SINAPSE was delighted to lead a session on Data Sciences and Brain Health across the Life Course in this year’s annual conference for the Informatics and Computer Science research pool SICSA, co-organised with the Life Sciences research pool SULSA, the Scottish Dementia Research Consortium (SDRC) and SICSA.

The session addressed multidisciplinary challenges in the early detection of neurodegenerative conditions such as Alzheimer’s disease, and new opportunities to build capacity in Scotland by integrating data science with brain health research areas of neurobiology and neuroimaging.

Brief presentations were given by a panel of researchers who are working to drive the interdisciplinary collaborations required to address these challenges:

  • Gerry Thompson, Senior Clinical Lecturer in Radiology at University of Edinburgh and Honorary Consultant Neuroradiologist for NHS Lothian, represented SINAPSE with a presentation on brain imaging data for dementia biomarker discovery.
  • Bettina Platt, Chair in Translational Neuroscience at University of Aberdeen, represented SULSA with a presentation on translational, multidisciplinary approaches in dementia research, from experimental to (pre-)clinical domains.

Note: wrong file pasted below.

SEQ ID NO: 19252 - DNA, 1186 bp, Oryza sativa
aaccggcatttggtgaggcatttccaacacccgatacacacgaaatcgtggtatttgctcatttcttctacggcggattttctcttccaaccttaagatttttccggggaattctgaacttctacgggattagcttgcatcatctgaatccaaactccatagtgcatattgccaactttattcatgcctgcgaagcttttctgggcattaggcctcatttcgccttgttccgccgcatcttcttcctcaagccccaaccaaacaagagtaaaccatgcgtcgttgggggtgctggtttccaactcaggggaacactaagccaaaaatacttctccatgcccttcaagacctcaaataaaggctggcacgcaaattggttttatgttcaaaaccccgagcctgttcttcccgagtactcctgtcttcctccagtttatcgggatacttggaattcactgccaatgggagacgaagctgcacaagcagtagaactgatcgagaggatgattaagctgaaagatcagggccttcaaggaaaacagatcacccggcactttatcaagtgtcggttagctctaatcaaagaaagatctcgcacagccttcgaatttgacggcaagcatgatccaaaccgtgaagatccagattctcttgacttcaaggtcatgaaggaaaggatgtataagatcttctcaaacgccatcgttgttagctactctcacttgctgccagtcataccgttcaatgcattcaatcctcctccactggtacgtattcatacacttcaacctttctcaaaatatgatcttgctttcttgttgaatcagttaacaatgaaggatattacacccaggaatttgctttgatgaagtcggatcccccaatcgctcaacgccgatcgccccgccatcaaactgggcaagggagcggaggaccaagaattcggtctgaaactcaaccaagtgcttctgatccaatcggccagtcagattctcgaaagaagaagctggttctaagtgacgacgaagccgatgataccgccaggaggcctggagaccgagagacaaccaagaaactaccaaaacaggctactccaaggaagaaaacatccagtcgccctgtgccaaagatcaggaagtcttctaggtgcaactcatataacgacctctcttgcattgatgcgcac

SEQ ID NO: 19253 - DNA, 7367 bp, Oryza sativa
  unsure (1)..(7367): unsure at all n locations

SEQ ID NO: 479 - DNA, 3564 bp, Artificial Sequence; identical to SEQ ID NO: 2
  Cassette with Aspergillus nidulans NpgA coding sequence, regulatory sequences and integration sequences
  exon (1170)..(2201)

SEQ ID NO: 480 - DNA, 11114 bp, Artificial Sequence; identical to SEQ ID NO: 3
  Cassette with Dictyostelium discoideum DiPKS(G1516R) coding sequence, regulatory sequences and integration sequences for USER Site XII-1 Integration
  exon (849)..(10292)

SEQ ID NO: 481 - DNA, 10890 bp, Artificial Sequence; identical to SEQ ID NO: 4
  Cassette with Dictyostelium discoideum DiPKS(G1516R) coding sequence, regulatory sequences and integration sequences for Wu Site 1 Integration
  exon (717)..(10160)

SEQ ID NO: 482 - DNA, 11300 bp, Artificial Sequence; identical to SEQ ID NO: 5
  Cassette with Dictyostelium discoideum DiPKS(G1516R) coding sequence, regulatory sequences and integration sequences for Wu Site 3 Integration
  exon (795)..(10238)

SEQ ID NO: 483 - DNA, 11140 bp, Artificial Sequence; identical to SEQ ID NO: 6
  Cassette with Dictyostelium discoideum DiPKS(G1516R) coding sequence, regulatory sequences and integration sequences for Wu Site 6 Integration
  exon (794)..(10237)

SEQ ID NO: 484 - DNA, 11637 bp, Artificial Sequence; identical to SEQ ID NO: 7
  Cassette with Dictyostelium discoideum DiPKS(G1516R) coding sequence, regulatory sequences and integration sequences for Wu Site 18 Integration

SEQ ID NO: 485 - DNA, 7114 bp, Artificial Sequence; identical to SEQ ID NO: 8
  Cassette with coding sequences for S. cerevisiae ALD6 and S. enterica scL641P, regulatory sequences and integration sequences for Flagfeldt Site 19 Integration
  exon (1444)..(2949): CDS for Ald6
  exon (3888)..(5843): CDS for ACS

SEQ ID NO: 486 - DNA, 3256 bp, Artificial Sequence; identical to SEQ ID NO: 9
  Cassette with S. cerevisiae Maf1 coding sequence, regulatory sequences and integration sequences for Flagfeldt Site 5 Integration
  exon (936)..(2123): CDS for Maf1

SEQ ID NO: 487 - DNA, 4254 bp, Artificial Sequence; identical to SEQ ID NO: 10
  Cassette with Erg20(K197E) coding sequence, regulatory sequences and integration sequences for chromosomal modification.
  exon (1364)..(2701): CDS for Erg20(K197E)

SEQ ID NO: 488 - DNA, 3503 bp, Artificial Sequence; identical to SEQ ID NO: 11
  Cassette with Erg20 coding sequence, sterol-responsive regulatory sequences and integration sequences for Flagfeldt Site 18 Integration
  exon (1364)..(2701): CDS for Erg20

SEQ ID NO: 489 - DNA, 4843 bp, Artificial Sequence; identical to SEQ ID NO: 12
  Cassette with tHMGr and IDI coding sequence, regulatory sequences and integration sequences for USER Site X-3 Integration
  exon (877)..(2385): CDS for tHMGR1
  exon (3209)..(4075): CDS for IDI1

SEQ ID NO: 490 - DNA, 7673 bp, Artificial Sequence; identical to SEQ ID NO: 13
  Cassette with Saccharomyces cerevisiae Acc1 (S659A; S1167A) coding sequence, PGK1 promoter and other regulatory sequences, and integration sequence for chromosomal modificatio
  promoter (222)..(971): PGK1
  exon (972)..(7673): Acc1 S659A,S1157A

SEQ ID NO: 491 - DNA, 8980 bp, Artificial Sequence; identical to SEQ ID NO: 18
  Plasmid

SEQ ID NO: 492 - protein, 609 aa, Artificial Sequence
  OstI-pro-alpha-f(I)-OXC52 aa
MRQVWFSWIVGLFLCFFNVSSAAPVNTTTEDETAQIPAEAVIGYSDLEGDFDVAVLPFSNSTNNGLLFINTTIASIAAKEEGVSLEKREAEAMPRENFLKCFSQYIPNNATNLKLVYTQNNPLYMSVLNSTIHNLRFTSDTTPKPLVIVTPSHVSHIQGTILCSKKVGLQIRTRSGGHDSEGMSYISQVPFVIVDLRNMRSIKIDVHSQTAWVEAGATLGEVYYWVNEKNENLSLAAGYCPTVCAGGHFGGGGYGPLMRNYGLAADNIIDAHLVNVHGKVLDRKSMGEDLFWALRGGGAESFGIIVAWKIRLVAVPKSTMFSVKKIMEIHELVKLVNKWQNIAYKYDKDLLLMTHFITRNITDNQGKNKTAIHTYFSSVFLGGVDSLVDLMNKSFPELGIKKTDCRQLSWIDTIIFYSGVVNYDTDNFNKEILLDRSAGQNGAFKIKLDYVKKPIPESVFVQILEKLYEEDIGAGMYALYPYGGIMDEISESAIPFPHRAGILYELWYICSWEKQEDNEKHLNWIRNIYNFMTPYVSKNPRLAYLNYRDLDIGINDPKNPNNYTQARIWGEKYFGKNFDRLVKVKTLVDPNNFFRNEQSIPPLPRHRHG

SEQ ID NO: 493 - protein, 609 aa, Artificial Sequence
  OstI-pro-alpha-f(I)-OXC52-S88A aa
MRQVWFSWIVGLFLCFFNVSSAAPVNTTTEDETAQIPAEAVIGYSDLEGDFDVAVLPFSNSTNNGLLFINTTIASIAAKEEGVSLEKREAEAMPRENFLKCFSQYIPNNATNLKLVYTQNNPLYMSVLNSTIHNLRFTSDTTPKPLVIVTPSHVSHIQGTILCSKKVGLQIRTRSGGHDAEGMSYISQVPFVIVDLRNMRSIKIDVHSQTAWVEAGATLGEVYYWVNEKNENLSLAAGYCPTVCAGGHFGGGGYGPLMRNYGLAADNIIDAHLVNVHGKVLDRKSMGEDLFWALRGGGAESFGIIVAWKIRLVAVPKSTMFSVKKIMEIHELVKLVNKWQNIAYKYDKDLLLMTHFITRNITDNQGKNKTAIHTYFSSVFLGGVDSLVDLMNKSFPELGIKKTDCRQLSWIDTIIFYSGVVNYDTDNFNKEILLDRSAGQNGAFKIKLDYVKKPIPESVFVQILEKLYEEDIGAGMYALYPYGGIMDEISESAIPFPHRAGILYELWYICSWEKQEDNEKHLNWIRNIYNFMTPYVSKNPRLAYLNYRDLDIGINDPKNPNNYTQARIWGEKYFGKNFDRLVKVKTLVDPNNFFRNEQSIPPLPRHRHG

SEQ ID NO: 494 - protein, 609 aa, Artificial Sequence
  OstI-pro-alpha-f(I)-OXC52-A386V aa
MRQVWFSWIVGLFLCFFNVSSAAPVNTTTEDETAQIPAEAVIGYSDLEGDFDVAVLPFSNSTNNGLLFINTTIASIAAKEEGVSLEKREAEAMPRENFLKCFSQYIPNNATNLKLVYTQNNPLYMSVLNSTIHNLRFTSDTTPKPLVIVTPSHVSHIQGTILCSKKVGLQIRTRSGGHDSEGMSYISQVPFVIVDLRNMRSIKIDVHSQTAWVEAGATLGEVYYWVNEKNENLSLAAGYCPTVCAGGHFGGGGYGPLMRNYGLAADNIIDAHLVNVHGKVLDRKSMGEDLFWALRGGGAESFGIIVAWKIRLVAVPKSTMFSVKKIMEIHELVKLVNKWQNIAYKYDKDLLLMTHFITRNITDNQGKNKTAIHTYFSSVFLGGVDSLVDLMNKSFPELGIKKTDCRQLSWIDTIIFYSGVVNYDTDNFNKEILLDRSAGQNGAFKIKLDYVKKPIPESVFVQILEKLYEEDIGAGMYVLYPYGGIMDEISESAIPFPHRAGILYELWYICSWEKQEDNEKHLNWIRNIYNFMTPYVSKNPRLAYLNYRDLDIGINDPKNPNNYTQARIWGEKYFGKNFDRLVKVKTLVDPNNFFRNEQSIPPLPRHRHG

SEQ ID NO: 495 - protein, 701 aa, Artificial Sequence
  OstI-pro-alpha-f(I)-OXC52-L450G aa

• Mike Chantler, Professor of Computer Science at Heriot-Watt University, represented SICSA with a presentation on topic modelling and data visualisation to identify content and trends within large free-text datasets. Among his examples was the web application that interactively maps research publications from 15 Scottish universities since 2014.
  • Graciela Muniz Terrera, Senior Lecturer in Biostatistics and Epidemiology at University of Edinburgh, represented SDRC with a presentation on challenges that remain for delivering clinical impact from predictive models of brain health and dementia risk.

Panellists’ presentations set the scene for an interdisciplinary brain health research network being jointly developed by SINAPSE, SULSA, SICSA and SDRC to enable advancements in innovative computational and mathematical methods for dementia prediction, analysis, and modelling which will be applicable in a routine healthcare setting. The new research network (as well as this conference session) was developed out of a recent cross-pool initiative to intensify efforts around collaborative research and innovation in Scotland. More information on the initiative, and an interactive tool for engaging with the Scottish research and innovation ecosystem, can be found at

After the presentations, open discussion with session participants addressed difficulties that researchers commonly encounter around data sharing and data management. A relevant UK-wide initative mentioned in discussion was the development of “data metrology” infrastructure by the National Physical Laboratory.

Anyone wishing to participate in new collaborations crossing the disciplinary boundaries of clinical brain research, preclinical brain research, and computing science is welcome to subscribe to a new mailing list launched at the session:

A recording of the session is available to view on demand on the SICSA YouTube channel.